The terror of St. Valentine

Local horror film fest proves red isn’t just for roses

P.J. Nutting | Boulder Weekly

Let´s face a simple fact about Valentine’s Day: there are fewer things less romantic than being forced to be romantic along with the rest of the world. Instead of crowded restaurants and run-of-the-mill flower bouquets, forget the Hallmark holiday spirit this year and embrace campy chainsaw massacres with the My Bloody Violent-tine Film Festival, a very anti- Valentine’s Day party that will showcase horror films made by Colorado filmmakers.

Razorbill Productions will hold the event at the 3 Kings Tavern in Denver the weekend after Valentine’s Day, and Colorado filmmakers are invited to submit their homemade horror films under 20 minutes in length — categories include thriller/suspense, monster, sci-fi, gore and slasher.

“Horror movies rock for couples on Valentine’s Day,” says Razorbill founder George Climer. “It falls on the middle of the week this year, and this gives them something to do the next weekend. People love sitting on the edge of their seat and being sucked into something.” Unless that something is a boring relationship, of course.

The event will take place over two days. The “Screens with Screams” launch party on Friday, Feb. 18, will showcase the best 15 film submissions, while Sailor Jerry’s and PBR will serve up drink specials as guests are invited to drink and dance the night away, dress up as their favorite killer or victim, and take home professional photos of their favorite recreated horror scene courtesy of Paper Dolls Pinup Photography. The Fright Masters award ceremony on Saturday, Feb. 19, will give out awards for films by category, and for smaller feats such as “Most Blood,” “Most Gashed Victim,” “Most Epic Scream” and the “Victim Darwin Award.”

“Halloween is Slut-oween now, and there is a trend on Valentine’s Day to make it a little more jaded, a little more twisted,” says Jim Narcy, founder of Paper Dolls Pinup Photography. “There’s 13 signs in the zodiac now. There’s a lot of upheaval in the cosmos, and I think its manifestation is that Halloween and Valentine’s Day have somewhat traded places.”

No one is more ready to tell St. Valentine to go to hell than a metal band, and the event will feature a strong contingency of local music. Denver-based metal group Black Lamb and Durango-based Thorn of Gethsemane will perform for the bar crowd after Friday’s film screening, and horror-punk acts The Royal Dead and The Insomniaxe will bring a campy, upbeat dance party on Saturday.

“We’ve got some death metal all the way from Durango, Colorado,” Narcy says of Thorn of Gethsemane. “I don’t know, there’s not much to do in Durango but play Ouija board and look for stray cats to sacrifice to Satan. I think it’s to be expected that you get death metal from that part of the state.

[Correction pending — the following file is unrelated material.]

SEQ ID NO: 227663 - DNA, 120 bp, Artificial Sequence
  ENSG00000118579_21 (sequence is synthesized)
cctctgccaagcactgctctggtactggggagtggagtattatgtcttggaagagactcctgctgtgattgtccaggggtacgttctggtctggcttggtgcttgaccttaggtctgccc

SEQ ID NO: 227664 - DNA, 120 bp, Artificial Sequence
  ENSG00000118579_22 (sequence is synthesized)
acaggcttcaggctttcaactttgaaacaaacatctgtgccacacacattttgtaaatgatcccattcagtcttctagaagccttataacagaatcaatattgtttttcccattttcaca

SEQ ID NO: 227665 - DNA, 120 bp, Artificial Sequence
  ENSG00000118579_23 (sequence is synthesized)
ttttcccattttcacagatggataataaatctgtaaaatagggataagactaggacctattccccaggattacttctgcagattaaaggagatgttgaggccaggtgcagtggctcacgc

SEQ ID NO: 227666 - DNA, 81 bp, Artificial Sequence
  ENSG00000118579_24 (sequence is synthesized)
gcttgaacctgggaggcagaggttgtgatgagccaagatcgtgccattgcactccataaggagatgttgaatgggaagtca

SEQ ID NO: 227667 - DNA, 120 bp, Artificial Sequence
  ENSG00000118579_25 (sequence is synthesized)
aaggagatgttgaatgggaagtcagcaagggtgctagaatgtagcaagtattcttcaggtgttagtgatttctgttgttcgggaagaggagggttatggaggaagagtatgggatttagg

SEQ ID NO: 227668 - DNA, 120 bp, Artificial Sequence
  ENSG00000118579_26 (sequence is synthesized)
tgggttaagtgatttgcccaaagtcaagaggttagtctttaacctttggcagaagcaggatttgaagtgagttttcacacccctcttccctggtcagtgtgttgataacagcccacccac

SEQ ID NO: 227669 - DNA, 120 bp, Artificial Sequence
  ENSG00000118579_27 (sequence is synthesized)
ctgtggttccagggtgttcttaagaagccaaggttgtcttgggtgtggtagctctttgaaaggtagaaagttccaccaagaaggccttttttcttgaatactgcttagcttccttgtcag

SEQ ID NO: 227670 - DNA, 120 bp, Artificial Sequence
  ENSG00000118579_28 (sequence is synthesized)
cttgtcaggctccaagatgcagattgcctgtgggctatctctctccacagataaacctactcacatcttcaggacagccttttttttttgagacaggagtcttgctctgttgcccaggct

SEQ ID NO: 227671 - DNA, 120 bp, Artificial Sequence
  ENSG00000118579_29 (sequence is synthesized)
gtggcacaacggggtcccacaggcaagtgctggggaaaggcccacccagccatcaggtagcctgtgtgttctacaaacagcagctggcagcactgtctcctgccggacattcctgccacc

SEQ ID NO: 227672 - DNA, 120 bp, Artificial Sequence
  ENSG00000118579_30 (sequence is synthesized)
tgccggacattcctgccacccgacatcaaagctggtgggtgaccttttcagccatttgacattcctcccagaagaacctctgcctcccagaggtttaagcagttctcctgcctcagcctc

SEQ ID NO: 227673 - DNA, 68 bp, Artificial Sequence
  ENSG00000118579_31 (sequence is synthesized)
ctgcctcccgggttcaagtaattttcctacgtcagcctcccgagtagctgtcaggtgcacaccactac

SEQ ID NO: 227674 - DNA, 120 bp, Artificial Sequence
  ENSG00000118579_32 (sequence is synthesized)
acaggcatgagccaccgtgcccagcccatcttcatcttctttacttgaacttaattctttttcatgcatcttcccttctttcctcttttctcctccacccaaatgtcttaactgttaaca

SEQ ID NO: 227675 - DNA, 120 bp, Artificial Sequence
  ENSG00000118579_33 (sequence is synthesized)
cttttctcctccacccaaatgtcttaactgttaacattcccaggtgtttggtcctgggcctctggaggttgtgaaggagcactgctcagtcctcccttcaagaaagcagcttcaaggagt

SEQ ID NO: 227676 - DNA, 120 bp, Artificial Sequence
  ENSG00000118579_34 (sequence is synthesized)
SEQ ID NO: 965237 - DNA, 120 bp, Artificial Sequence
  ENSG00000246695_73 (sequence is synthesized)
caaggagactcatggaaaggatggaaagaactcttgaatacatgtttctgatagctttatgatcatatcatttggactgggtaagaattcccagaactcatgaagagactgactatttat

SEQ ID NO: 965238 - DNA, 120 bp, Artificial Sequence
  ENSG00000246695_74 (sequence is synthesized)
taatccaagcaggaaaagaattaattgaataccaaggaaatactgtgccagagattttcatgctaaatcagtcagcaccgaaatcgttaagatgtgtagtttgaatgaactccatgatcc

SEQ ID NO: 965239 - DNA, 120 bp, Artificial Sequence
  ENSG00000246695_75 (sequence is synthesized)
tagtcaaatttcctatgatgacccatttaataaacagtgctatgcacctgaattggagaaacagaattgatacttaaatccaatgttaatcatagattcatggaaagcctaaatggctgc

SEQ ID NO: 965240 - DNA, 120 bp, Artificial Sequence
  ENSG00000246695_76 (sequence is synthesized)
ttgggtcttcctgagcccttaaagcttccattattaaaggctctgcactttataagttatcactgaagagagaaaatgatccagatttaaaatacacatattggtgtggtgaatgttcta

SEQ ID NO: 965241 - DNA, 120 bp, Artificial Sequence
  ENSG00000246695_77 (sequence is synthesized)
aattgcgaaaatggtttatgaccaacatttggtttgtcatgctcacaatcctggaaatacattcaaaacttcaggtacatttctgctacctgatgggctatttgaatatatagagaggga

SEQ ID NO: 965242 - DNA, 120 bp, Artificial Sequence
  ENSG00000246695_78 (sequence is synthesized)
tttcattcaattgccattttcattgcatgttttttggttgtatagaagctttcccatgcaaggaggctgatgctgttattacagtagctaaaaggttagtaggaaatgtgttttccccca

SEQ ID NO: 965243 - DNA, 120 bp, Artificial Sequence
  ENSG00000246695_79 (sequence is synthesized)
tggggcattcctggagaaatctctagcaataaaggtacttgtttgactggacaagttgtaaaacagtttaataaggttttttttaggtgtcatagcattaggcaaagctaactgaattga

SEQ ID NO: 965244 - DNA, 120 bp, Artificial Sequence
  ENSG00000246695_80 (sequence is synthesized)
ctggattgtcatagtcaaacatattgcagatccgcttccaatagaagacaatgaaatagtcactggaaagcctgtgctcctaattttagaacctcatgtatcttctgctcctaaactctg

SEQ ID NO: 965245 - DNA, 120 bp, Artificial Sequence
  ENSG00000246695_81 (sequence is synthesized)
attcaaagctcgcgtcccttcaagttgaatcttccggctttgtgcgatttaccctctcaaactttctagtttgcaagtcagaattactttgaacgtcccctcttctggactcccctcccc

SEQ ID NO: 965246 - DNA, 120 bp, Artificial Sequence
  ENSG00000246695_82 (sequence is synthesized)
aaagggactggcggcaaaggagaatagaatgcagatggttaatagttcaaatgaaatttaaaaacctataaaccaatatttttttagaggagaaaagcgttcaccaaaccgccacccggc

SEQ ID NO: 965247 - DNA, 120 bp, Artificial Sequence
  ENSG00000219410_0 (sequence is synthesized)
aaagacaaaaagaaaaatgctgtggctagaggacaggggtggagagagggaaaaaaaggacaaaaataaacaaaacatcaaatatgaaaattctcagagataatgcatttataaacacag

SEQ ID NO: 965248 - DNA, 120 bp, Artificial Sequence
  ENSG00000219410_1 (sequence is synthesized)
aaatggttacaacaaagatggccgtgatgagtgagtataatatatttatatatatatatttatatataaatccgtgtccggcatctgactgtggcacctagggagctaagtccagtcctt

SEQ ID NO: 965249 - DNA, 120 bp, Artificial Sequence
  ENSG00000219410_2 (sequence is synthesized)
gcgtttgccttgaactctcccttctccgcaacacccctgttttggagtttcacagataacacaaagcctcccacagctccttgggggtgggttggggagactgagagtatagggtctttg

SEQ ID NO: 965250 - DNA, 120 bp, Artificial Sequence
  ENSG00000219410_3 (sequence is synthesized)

“The overall goal is to give local filmmakers a place to go with our industry,” says Climer of the Denver film scene. “The biggest goal of the company is in the next five years to create a Hollywood here, a lot of industry leaders with a lot of experience because they want to see it get picked up, want to see local filmmakers, actors and musicians succeed.”

In Boulder, it’s easy to see that music promotion companies use social networking and flyers like they’re going out of style, but film doesn’t enjoy the same margin of exposure. Even during a time when album sales are plummeting, many recording artists make it work by taking a DIY approach to sound engineering and marketing. These same advantages apply to film, says Climer.

“Ninety percent of companies like Sony and JVC have created low-cost, economy-value, high-definition cameras that are affordable to just about anybody on any budget, and some of these newer cameras get the same exact quality as some of these huge rigs we have in the film industry,” Climer says. “You can spend 25 bucks to create your own dolly out of some PVC pipe and a skateboard. You can make it pretty cheap, and there’s a really nice outlet on YouTube called Indy Mogul that teaches first-time filmmakers simple little things on really cheap budgets.”

“Somebody can make a horror movie out of nothing — you got some corn syrup and some food coloring, there ya go, you got blood. You got a neighbor next door who has a daughter who’s 18 years old, you say ‘Hey, can you scream at the top of your lungs?’ That’s one of the nice things about horror: It’s cheap, it’s easy, it’s fast, and people love it.”

On the Bill

My Bloody Violent-tine Film Festival happens
on Friday, Feb. 18 and Saturday, Feb. 19. Festivities start at 7 p.m.
For more information, visit 3 Kings Tavern,
60 S. Broadway, Denver, 303-777-7352.